Outside spending is dominating campaigns for three seats on the Los Angeles Board of Education, surpassing $4.4 million through Friday.
The outcome of Tuesday’s primary is expected to shape the path of improvement efforts in the nation’s second-largest school system.
The costliest race is in District 4, which spans the Westside and the western San Fernando Valley. There, one-term incumbent and former teacher Steve Zimmer faces parent and attorney Kate Anderson.
The pro-Anderson and anti-Zimmer effort has spent more than $1.1 million. Also, Anderson’s campaign has raised more than $250,000.
Conversely, the pro-Zimmer and anti-Anderson independent campaign has spent more than $950,000. Zimmer’s campaign has collected $82,406.
Zimmer benefits from an independent campaign by employee unions and the L.A. County Federation of Labor. Anderson is backed by a coalition of wealthy donors, Mayor Antonio Villaraigosa and advocates for independently managed charter schools.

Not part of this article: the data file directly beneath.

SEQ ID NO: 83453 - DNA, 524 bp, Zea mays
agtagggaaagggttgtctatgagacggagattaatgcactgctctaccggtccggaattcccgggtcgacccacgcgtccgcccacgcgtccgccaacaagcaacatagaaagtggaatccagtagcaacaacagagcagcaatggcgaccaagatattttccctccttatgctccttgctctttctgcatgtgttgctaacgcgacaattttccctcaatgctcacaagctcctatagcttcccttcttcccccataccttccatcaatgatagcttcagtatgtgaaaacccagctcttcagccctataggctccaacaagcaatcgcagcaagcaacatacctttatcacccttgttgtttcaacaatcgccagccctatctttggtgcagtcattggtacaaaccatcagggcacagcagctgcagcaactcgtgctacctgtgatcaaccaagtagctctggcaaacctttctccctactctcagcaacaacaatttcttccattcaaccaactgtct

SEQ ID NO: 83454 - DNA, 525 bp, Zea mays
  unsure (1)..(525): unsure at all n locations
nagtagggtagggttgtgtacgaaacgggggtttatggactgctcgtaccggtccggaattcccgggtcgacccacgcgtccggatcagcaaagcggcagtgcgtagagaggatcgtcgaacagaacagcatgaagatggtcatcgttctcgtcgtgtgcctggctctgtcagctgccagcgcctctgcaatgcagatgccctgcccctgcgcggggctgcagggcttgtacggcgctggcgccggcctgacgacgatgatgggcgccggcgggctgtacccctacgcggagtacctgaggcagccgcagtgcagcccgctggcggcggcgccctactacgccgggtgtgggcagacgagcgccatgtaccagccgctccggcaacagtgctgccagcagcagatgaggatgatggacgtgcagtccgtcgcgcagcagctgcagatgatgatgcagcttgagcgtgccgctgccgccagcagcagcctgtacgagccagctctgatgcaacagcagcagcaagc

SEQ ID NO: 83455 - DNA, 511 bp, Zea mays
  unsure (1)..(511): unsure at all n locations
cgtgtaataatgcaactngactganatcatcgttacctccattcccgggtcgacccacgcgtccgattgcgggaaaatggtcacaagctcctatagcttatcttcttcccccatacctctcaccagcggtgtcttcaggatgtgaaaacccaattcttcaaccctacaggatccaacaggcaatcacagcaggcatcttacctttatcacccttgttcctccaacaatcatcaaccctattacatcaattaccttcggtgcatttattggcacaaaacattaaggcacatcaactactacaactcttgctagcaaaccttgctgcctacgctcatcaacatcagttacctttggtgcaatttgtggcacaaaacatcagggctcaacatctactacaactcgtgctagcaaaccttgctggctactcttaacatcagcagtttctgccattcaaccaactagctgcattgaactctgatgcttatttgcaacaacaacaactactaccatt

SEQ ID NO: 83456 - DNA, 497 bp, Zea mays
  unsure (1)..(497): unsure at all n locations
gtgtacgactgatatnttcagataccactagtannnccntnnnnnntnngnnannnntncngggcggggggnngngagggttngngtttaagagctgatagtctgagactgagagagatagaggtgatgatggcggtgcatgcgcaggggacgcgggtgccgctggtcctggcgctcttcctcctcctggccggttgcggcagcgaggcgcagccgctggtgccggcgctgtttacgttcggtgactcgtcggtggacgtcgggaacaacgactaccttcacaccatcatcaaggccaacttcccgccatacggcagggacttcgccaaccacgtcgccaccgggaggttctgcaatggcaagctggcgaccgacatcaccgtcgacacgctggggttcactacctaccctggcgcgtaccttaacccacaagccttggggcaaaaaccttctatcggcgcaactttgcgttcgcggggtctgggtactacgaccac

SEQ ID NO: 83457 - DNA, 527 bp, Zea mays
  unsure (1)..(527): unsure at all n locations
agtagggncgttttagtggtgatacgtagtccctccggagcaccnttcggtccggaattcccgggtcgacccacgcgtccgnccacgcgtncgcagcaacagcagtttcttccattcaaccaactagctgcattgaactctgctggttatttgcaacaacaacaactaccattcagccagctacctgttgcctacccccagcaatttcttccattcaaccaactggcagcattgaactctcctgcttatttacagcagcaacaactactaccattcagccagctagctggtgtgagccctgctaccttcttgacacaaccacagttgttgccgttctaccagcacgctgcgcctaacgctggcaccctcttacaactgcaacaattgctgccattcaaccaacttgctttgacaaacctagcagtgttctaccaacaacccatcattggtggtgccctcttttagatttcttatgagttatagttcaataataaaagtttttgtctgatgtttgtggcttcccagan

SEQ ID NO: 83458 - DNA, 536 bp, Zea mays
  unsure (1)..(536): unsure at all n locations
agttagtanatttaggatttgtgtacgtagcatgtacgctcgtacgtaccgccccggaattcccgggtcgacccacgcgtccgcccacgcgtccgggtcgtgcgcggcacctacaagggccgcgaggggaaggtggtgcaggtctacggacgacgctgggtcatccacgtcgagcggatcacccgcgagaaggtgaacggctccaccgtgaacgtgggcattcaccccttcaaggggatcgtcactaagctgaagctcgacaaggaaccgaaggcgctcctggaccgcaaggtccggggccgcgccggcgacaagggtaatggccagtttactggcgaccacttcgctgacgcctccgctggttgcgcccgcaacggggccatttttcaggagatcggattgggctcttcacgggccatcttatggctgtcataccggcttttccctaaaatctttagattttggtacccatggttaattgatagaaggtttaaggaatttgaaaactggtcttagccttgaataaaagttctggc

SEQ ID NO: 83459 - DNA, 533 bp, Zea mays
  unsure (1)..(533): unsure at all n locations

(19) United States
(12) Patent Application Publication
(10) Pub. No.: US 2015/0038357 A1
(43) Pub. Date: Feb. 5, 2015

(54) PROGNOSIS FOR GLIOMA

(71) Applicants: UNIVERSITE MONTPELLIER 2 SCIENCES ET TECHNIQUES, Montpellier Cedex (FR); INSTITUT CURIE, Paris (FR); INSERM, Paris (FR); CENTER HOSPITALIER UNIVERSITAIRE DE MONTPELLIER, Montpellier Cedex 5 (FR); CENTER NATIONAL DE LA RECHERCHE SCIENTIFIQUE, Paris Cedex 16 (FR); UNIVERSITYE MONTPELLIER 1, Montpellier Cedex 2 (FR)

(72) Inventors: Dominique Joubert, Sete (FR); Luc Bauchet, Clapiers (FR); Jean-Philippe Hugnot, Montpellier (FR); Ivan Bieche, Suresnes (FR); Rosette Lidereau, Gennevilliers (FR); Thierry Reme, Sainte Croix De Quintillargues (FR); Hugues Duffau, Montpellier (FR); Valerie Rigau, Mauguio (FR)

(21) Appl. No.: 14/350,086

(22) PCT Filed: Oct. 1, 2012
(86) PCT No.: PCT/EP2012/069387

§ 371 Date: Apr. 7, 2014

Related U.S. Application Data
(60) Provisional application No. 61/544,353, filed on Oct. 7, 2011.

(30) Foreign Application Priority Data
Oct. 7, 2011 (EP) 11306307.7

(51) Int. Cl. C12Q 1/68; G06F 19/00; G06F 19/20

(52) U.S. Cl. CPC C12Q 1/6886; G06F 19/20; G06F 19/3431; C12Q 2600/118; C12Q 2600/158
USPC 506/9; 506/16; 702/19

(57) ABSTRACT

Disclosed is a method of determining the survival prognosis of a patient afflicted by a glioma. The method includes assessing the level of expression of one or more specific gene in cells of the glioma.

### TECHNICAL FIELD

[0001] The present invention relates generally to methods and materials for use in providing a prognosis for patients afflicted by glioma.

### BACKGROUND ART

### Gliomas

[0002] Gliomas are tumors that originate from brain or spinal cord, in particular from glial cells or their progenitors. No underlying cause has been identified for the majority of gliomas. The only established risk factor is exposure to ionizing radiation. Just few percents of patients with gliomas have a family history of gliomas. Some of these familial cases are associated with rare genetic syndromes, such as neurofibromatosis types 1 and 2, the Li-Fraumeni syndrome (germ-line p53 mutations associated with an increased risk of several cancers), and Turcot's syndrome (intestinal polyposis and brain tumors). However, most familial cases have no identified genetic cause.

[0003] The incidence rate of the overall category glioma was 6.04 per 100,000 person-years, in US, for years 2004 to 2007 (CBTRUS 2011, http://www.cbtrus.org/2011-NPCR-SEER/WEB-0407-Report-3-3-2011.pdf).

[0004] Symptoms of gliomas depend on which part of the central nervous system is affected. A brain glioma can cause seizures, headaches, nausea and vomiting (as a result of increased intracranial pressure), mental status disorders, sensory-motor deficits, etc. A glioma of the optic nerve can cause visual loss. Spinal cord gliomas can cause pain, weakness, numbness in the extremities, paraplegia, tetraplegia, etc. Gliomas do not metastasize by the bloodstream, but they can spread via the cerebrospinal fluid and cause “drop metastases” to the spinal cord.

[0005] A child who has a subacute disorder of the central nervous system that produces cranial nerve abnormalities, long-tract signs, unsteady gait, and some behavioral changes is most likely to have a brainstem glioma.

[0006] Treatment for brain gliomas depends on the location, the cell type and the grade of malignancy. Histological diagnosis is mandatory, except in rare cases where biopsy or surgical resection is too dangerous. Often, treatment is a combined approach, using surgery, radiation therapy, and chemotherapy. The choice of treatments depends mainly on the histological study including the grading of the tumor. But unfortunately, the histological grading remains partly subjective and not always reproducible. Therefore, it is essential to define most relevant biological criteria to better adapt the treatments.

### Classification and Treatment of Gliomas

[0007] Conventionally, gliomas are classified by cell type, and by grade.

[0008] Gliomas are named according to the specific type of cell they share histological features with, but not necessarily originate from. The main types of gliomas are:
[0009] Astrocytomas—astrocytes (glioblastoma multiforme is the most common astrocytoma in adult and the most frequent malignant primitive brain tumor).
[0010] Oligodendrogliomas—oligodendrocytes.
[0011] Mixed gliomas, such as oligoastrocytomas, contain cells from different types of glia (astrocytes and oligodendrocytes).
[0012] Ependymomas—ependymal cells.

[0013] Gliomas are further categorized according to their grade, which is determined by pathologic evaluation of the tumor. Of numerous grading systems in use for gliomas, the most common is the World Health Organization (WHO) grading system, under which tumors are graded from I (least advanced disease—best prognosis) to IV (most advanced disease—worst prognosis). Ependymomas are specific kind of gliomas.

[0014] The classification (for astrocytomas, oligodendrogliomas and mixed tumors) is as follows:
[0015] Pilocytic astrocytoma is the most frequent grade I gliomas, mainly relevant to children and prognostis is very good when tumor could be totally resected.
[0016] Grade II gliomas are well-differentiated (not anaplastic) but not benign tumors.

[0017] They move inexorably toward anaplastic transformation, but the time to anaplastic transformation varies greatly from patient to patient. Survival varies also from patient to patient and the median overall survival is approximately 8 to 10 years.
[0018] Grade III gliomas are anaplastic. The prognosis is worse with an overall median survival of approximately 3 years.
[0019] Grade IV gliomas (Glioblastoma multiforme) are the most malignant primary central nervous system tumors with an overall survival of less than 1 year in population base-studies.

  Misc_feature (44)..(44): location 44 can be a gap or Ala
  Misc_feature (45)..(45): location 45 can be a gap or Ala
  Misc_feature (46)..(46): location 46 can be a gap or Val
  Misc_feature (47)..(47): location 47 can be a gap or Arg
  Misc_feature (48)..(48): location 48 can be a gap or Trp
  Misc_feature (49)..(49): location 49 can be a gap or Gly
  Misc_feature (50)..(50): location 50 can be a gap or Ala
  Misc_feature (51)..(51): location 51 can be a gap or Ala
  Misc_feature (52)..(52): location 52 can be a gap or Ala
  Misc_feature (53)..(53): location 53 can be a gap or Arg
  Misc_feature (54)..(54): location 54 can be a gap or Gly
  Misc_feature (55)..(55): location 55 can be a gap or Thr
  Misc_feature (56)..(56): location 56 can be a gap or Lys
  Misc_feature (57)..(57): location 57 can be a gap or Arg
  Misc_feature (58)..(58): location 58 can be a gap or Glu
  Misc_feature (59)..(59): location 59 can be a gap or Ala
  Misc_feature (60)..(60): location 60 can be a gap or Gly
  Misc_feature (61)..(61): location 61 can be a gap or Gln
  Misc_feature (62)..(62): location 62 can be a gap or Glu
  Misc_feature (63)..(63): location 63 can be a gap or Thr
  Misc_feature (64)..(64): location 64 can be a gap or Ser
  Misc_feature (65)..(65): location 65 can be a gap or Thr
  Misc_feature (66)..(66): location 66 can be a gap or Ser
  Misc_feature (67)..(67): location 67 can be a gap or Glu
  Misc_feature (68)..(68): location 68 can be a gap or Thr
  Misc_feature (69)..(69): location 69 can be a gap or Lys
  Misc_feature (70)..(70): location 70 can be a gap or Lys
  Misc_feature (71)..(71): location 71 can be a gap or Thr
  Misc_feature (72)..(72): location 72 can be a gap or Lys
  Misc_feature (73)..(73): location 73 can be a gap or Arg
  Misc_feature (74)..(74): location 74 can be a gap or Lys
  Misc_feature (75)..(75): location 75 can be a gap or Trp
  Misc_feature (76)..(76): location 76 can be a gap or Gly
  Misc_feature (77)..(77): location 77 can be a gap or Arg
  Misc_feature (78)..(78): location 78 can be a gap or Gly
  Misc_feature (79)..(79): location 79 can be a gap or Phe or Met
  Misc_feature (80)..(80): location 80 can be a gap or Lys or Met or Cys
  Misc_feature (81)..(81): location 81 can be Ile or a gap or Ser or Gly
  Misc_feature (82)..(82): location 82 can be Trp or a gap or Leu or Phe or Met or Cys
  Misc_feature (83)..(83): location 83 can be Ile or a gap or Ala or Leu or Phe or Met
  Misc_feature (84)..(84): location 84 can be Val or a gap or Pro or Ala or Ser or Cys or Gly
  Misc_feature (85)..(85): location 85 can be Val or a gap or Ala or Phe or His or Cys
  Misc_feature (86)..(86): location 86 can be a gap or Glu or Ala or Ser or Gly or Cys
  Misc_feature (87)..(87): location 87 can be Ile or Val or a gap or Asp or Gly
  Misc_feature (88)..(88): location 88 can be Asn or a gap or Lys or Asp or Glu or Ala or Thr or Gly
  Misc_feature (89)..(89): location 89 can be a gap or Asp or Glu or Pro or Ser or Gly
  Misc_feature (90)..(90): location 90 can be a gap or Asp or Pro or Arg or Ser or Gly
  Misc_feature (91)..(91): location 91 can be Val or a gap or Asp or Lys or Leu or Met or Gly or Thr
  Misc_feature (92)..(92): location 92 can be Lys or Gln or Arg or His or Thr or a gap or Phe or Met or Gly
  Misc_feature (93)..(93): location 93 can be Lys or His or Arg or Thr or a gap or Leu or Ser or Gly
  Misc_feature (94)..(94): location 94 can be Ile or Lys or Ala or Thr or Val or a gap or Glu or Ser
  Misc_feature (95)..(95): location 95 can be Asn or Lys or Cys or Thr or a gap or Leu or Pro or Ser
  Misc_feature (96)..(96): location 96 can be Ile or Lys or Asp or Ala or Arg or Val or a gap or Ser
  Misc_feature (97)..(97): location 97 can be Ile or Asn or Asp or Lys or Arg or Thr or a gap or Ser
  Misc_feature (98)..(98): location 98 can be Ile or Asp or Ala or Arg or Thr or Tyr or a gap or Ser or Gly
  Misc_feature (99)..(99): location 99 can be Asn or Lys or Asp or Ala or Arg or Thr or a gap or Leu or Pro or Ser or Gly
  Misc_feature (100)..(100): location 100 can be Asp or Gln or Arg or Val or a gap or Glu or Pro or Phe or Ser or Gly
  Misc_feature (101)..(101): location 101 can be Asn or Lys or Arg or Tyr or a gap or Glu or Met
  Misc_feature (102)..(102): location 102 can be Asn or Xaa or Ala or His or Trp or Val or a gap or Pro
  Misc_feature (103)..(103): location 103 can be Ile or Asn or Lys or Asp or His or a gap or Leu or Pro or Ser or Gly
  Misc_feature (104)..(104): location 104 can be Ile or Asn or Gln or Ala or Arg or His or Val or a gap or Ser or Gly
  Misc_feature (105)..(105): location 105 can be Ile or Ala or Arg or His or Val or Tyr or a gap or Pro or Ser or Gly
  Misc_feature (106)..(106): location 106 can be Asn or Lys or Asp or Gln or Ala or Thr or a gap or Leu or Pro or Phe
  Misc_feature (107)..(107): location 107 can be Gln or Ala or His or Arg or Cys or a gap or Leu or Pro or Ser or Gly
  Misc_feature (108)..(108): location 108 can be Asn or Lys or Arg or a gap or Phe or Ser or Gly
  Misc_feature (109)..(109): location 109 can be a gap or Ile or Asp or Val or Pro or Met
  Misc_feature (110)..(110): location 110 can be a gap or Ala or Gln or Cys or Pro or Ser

The coalition is the biggest money player, having assembled more than $3.2 million.
Spending in the other two races reflects campaign strategies of the coalition and the teachers union, United Teachers Los Angeles.
In District 2, which stretches outward from downtown, the coalition supports two-term incumbent Monica Garcia. She is the mayor’s closest ally on the school board and a steadfast supporter of L.A. schools Supt. John Deasy.
The coalition hopes to push Garcia to victory on Tuesday by helping her capture more than 50% of the vote in a field with four challengers. The coalition has spent the lion’s share of a $1.2-million independent campaign; some unions also have chipped in with significant contributions. Garcia’s campaign has raised nearly $430,000.
Garcia’s challengers have raised a combined $46,000. The teachers union has divided a modest $18,000 among three of the challengers. Its goal is to force a runoff, and to that end, UTLA launched an anti-Garcia campaign at a cost of $90,000.
District 6, in the eastern San Fernando Valley, is an open seat. There, the coalition hopes to sweep Antonio Sanchez past two other candidates. Independent campaigns on his behalf — including support from some labor unions — have logged more than $1 million in expenditures. Sanchez’s own campaign has reported donations of close to $55,000.
There are no independent campaigns on behalf of Monica Ratliff, who has raised about $15,000, or Maria Cano, who has raised about $17,000.
Hoping to preserve campaign resources, the teachers union has not helped fund a candidate in this contest, although it endorsed all three.